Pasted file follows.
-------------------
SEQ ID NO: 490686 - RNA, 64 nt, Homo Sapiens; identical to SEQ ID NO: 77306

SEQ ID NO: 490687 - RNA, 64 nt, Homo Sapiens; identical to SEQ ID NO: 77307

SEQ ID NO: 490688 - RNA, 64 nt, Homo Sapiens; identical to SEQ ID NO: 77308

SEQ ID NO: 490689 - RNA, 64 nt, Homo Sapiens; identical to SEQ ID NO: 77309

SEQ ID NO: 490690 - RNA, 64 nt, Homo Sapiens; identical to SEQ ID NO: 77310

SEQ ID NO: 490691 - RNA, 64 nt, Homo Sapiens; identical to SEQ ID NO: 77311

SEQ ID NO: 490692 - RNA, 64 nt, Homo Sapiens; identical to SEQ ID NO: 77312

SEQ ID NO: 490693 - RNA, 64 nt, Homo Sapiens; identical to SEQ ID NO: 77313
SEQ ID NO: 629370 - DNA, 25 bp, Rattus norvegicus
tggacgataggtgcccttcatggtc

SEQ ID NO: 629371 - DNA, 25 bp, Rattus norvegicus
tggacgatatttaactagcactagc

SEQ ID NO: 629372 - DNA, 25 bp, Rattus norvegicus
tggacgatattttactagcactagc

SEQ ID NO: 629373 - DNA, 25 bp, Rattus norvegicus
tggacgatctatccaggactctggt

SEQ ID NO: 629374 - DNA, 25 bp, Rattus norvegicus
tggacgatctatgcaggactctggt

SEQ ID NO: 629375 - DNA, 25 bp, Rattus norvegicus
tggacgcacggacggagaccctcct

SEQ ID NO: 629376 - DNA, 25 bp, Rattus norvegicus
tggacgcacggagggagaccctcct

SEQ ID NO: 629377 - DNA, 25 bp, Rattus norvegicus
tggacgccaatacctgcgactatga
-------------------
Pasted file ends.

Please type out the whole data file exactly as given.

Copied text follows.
SEQ ID NO: 490686 - RNA, 64 nt, Homo Sapiens; identical to SEQ ID NO: 77306

SEQ ID NO: 490687 - RNA, 64 nt, Homo Sapiens; identical to SEQ ID NO: 77307

SEQ ID NO: 490688 - RNA, 64 nt, Homo Sapiens; identical to SEQ ID NO: 77308

SEQ ID NO: 490689 - RNA, 64 nt, Homo Sapiens; identical to SEQ ID NO: 77309

SEQ ID NO: 490690 - RNA, 64 nt, Homo Sapiens; identical to SEQ ID NO: 77310

SEQ ID NO: 490691 - RNA, 64 nt, Homo Sapiens; identical to SEQ ID NO: 77311

SEQ ID NO: 490692 - RNA, 64 nt, Homo Sapiens; identical to SEQ ID NO: 77312

SEQ ID NO: 490693 - RNA, 64 nt, Homo Sapiens; identical to SEQ ID NO: 77313
SEQ ID NO: 629370 - DNA, 25 bp, Rattus norvegicus
tggacgataggtgcccttcatggtc

SEQ ID NO: 629371 - DNA, 25 bp, Rattus norvegicus
tggacgatatttaactagcactagc

SEQ ID NO: 629372 - DNA, 25 bp, Rattus norvegicus
tggacgatattttactagcactagc

SEQ ID NO: 629373 - DNA, 25 bp, Rattus norvegicus
tggacgatctatccaggactctggt

SEQ ID NO: 629374 - DNA, 25 bp, Rattus norvegicus
tggacgatctatgcaggactctggt

SEQ ID NO: 629375 - DNA, 25 bp, Rattus norvegicus
tggacgcacggacggagaccctcct

SEQ ID NO: 629376 - DNA, 25 bp, Rattus norvegicus
tggacgcacggagggagaccctcct

SEQ ID NO: 629377 - DNA, 25 bp, Rattus norvegicus
tggacgccaatacctgcgactatga